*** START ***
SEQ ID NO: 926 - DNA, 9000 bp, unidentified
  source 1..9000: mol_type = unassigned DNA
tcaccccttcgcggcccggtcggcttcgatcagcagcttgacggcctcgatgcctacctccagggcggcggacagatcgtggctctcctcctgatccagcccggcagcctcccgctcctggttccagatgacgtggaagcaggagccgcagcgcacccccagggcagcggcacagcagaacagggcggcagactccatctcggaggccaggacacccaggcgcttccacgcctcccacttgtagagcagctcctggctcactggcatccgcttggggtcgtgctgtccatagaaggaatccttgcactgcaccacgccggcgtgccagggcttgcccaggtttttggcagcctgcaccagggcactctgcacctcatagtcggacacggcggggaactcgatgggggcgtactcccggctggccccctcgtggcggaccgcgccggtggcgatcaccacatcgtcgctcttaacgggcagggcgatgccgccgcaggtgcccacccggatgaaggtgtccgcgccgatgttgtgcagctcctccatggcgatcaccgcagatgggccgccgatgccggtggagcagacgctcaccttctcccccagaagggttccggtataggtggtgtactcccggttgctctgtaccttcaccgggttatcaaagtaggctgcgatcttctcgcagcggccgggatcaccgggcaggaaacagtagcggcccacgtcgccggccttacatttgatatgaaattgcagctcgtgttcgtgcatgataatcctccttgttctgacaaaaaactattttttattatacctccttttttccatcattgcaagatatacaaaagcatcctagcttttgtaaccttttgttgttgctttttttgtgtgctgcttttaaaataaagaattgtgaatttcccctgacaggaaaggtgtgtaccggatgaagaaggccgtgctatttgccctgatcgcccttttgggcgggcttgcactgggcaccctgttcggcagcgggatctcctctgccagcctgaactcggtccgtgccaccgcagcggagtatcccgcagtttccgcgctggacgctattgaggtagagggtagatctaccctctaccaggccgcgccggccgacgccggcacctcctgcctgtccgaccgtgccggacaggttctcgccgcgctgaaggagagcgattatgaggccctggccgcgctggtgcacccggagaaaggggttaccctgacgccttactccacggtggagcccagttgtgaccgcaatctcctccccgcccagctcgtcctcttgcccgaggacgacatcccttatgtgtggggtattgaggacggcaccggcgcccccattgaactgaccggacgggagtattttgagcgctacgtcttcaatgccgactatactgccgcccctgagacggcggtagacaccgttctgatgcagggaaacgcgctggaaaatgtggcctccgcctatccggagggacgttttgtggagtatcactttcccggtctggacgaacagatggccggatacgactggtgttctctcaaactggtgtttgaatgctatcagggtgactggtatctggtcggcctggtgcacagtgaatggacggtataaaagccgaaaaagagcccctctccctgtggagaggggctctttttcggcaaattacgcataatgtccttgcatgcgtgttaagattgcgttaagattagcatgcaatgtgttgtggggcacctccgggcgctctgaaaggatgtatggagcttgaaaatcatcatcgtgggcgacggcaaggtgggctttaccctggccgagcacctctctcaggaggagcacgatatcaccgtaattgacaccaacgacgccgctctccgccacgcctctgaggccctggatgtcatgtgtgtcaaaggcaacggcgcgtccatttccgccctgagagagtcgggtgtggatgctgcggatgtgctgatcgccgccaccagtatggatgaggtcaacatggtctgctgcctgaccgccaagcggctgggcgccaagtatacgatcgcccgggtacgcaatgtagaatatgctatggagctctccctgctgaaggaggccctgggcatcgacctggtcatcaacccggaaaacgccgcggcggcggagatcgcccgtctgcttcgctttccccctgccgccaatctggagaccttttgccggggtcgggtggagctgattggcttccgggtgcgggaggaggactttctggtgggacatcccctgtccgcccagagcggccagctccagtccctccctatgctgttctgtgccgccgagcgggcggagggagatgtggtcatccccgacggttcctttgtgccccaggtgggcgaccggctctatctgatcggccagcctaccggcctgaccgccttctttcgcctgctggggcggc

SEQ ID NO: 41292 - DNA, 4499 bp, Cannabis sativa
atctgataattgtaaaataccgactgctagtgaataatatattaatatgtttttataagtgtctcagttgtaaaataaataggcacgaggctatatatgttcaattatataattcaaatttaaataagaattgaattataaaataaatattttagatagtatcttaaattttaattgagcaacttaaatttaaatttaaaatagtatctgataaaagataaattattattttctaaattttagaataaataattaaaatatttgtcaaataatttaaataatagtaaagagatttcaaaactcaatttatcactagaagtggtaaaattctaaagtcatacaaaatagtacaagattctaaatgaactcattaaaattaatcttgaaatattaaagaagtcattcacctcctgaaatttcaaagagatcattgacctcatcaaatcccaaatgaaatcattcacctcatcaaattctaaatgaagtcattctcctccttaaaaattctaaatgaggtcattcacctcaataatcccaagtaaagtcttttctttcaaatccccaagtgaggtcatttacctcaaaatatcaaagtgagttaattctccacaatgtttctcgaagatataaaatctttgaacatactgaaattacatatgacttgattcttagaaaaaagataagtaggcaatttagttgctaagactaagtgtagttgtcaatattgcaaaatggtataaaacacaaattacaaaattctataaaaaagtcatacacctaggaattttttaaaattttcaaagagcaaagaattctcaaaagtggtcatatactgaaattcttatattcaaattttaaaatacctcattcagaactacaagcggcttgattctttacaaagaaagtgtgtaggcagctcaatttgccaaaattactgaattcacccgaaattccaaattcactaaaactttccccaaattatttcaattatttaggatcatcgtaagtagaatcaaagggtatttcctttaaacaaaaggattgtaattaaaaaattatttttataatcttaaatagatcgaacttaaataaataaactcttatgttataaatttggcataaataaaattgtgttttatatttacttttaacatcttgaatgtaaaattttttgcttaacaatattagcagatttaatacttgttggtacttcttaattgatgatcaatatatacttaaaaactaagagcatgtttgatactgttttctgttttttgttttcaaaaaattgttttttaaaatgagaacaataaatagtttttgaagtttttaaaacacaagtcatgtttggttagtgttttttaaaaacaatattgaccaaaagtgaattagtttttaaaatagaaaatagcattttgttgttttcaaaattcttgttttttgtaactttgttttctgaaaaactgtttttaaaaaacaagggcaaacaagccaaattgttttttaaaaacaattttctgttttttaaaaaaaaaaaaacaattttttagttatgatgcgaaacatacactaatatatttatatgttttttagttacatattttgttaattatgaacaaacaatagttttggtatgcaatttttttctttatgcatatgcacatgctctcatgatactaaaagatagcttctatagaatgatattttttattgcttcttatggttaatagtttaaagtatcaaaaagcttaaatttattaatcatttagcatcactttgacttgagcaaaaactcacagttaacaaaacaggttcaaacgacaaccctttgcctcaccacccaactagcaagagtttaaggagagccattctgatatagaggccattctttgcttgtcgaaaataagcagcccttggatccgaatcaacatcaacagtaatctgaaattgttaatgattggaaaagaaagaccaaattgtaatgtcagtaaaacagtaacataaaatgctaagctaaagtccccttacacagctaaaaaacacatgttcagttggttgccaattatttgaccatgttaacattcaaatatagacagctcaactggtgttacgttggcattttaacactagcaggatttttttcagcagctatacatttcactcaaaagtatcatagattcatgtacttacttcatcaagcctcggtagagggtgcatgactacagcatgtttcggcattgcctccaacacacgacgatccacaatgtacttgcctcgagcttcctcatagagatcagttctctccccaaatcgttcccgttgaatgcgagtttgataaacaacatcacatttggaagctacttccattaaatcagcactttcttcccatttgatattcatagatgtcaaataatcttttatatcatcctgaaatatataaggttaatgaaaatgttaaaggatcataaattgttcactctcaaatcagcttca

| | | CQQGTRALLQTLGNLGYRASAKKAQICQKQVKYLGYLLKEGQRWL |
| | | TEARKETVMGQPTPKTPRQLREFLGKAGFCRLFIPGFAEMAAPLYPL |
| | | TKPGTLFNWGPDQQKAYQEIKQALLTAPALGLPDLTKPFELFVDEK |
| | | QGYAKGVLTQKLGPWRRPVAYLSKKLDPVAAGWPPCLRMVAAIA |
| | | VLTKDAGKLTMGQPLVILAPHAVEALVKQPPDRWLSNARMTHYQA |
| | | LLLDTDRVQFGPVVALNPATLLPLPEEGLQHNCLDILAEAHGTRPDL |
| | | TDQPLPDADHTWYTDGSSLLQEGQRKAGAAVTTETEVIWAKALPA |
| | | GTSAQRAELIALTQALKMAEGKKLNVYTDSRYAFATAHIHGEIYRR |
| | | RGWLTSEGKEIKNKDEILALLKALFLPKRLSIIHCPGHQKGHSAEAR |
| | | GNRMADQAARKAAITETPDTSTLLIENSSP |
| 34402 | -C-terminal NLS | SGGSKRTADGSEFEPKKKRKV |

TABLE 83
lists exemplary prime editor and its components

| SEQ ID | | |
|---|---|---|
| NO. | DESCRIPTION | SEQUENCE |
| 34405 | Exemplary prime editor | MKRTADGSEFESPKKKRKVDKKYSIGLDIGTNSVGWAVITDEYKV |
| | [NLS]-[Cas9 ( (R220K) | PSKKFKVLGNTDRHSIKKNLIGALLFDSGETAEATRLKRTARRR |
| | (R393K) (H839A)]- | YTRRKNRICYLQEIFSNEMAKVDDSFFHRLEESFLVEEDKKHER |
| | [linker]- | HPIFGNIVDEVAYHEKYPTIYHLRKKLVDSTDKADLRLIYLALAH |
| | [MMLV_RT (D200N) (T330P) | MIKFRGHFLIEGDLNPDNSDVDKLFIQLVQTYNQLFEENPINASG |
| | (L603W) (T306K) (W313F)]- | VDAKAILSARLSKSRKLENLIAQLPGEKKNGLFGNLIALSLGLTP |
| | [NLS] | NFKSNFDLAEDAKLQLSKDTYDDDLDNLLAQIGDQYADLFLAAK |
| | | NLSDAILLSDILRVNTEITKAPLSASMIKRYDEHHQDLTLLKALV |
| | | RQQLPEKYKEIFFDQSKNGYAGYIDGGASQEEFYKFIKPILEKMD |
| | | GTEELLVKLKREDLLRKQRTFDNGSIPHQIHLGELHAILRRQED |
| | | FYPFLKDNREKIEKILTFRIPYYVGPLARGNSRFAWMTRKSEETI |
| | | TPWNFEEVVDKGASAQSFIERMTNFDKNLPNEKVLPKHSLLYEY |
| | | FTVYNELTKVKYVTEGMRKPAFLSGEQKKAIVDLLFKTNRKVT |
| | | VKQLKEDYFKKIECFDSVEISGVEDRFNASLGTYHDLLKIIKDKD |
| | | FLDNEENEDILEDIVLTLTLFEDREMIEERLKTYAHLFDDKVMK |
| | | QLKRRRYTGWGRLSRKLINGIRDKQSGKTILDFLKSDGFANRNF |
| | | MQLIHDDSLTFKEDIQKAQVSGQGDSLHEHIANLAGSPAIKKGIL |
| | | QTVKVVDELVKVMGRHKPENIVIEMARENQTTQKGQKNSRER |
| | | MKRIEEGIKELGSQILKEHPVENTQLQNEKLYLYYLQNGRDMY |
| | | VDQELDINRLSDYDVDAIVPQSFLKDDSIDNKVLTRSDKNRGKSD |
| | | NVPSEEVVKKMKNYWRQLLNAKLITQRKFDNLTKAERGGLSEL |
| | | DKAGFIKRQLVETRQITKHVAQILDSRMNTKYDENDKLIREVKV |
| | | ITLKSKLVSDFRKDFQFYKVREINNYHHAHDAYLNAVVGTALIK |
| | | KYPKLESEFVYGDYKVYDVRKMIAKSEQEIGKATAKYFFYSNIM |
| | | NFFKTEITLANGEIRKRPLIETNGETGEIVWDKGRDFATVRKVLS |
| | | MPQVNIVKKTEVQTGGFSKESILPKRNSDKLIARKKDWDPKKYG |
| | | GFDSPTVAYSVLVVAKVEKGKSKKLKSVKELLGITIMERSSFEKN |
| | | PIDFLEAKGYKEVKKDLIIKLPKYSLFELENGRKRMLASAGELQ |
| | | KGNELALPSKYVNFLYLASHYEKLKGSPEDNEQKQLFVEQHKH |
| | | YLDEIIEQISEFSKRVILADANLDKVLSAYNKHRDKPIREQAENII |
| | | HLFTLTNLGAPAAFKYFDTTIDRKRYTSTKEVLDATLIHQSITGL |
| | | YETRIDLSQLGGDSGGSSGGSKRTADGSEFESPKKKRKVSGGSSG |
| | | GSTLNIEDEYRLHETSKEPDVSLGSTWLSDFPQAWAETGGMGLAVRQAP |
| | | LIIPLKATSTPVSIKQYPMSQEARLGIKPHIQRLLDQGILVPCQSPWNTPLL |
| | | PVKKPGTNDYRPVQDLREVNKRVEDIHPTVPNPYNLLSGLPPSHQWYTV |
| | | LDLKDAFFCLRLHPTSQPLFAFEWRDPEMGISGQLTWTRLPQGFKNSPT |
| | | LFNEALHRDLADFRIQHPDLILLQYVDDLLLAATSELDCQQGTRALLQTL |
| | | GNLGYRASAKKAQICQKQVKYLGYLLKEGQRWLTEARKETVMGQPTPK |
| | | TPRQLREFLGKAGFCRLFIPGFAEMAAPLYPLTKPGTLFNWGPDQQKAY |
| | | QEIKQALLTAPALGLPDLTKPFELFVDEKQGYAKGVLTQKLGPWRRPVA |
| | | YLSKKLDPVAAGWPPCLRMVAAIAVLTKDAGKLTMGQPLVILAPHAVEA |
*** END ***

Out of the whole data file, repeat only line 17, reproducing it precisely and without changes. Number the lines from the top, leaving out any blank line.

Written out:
TABLE 83